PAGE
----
Planning the most talked about wedding of the year is enough to make engineer Frith Taylor break out in a cold sweat. She's used to construction sites, not wedding fairs! But estate manager George Challoner's offer of help is one that's too good to resist.
George may be the rebel of the prestigious Challoner family, but his insanely good looks are giving Frith wedding fever! Charm personified, he's making her feel things she hasn't dared feel before. Maybe her little sister's wedding won't be the only one Frith's planning...?
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I was having a good day until George Challoner turned up.
It had rained almost every day since I had arrived in Yorkshire, but that morning I woke to a bright, breezy day. By some miracle Audrey had started first time, and I hummed as I drove along the country lanes lined with jaunty daffodils to Whellerby Hall.
When I arrived at the site, Frank, the lugubrious foreman, had even smiled--a first. Well, his face relaxed slightly in response to my cheery greeting, but in my current mood I was prepared to count it a smile. Progress, anyway.
The ready-mixed concrete arrived bang on time. I stood and watched carefully as the men started pouring it into the reinforced steel raft for the foundations. They clearly knew what they were doing, and I had already checked the quality of the concrete. After a frenzied couple of weeks, I could tell Hugh that the project was back on schedule.
Everything was going to plan. I had it all worked out.
1. Get site experience.
2. Get job overseas on major construction project.
3. Get promoted to senior engineer.
And because I was an expert planner, I had made sure all my goals were Specific, Measurable, Attainable, Realistic and Time-bound. I was aiming for promotion by the time I was thirty, an overseas job by the end of the year, and I was already getting site experience with the new conference and visitor centre on the Whellerby Hall estate.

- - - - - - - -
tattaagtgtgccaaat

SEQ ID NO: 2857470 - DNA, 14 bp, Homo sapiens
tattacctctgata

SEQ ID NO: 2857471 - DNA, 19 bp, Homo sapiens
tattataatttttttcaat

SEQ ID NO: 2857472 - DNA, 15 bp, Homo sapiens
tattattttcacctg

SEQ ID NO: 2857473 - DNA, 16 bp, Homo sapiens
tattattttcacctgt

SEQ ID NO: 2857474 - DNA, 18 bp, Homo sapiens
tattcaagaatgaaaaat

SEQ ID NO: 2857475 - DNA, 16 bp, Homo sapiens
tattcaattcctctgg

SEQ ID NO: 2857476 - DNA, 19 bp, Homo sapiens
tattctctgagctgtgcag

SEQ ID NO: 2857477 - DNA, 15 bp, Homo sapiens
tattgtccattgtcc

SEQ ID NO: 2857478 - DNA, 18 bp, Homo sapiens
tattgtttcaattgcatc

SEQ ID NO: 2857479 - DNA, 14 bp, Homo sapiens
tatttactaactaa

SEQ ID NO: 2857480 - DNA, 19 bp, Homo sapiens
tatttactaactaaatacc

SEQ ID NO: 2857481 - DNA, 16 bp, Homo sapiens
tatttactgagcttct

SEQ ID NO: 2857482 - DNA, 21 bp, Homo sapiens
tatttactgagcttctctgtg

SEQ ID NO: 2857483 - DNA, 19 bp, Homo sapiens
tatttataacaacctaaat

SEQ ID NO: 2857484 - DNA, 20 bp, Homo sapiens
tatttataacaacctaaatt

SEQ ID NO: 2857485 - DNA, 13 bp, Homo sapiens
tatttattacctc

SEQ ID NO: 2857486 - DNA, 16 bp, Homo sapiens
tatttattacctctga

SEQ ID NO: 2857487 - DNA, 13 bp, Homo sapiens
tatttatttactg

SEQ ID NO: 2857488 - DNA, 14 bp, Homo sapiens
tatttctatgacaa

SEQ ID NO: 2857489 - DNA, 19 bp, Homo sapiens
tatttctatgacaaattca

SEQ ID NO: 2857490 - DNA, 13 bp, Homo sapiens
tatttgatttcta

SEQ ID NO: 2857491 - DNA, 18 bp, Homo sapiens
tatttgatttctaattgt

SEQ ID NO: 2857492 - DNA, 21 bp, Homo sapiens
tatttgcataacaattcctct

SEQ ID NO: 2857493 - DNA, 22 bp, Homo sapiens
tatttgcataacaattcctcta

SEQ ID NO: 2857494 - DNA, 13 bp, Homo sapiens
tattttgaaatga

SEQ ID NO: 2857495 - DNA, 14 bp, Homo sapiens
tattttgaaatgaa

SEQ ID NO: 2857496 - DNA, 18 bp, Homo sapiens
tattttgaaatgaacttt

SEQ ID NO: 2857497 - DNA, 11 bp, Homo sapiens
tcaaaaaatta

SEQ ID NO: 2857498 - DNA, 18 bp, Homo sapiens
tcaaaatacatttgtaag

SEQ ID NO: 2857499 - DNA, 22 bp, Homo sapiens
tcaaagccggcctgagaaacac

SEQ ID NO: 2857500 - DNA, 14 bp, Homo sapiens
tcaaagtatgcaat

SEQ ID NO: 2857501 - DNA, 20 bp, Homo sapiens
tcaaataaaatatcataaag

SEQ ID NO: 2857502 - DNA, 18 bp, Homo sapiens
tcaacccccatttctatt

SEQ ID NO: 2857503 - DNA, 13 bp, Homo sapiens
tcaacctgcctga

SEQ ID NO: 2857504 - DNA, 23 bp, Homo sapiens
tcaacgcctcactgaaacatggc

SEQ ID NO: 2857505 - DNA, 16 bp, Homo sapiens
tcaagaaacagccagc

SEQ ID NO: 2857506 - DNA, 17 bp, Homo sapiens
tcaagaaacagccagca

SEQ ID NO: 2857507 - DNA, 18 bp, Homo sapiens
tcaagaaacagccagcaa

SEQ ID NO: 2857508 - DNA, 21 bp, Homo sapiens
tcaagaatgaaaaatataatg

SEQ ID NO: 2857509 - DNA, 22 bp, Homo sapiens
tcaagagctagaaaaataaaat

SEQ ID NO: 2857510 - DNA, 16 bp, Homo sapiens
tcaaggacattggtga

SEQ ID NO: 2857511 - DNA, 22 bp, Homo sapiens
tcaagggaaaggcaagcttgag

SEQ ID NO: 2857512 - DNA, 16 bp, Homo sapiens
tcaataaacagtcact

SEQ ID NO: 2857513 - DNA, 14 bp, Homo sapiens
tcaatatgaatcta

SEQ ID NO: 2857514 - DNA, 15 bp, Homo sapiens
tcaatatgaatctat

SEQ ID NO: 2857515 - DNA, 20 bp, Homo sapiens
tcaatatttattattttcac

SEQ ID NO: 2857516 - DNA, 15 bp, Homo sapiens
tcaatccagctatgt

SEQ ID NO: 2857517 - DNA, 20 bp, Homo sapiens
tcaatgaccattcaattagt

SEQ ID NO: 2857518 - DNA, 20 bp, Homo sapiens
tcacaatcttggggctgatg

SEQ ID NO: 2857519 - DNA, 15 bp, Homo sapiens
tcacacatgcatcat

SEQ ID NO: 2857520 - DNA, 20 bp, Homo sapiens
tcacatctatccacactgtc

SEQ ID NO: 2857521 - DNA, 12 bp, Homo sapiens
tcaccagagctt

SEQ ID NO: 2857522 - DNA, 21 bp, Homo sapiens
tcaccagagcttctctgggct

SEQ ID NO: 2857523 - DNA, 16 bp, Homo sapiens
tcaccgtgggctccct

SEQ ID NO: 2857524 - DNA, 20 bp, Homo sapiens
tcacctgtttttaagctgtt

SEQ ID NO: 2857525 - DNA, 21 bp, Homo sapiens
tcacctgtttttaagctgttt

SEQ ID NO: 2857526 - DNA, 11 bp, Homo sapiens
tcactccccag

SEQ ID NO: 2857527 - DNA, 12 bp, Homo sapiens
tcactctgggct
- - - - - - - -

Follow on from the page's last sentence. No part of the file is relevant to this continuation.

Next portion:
True, things had got off to a shaky start. Endless rain, unreliable suppliers and a construction team made up of dour Yorkshiremen who had apparently missed out on a century of women's liberation and made no secret of their reluctance to take orders from a female. My attempts to involve them in team-building exercises had not gone down well.
For a while, I admit, I had wondered if I had made a terrible mistake leaving the massive firm in London, but my plan was clear. I badly needed some site experience, and the Whellerby project was too good an opportunity to miss.
And now it might all just be coming together, I congratulated myself, checking another grid off on my clipboard. I'd won a knock-down-drag-out fight with the concrete supplier, which might account for Frank's--sort of--smile and now we could start building.
Perhaps I could let myself relax, just a little.
That was when George arrived.
He drove the battered Land Rover as if it were a Lamborghini, swinging into the site and parking--deliberately squint, I was sure!--next to Audrey in a flurry of mud and gravel.
I pressed my lips together in disapproval. George Challoner was allegedly the estate manager, although as far as I could see this involved little more than turning up at inconvenient moments and distracting everyone else who was actually trying to do some work.
He was also my neighbour. I'd been delighted at first to be given my own cottage on the estate. I was only working on the project until Hugh Morrison, my old mentor, had recovered from his heart attack, and I didn't want to get involved with expensive long-term lets so a tied cottage for no rent made perfect sense.
I was less delighted to discover that George Challoner lived on the other side of the wall, his cottage a mirror image of mine under a single slate roof. It wasn't that he was a noisy neighbour, but I was always so aware of him, and it wasn't because he was attractive, if that's what you're thinking.
I was prepared to admit that he was extremely easy on the eye. My own preference was for dark-haired men, while George was lean and rangy with hair the colour of old gold and ridiculously blue eyes, but, still, I could see...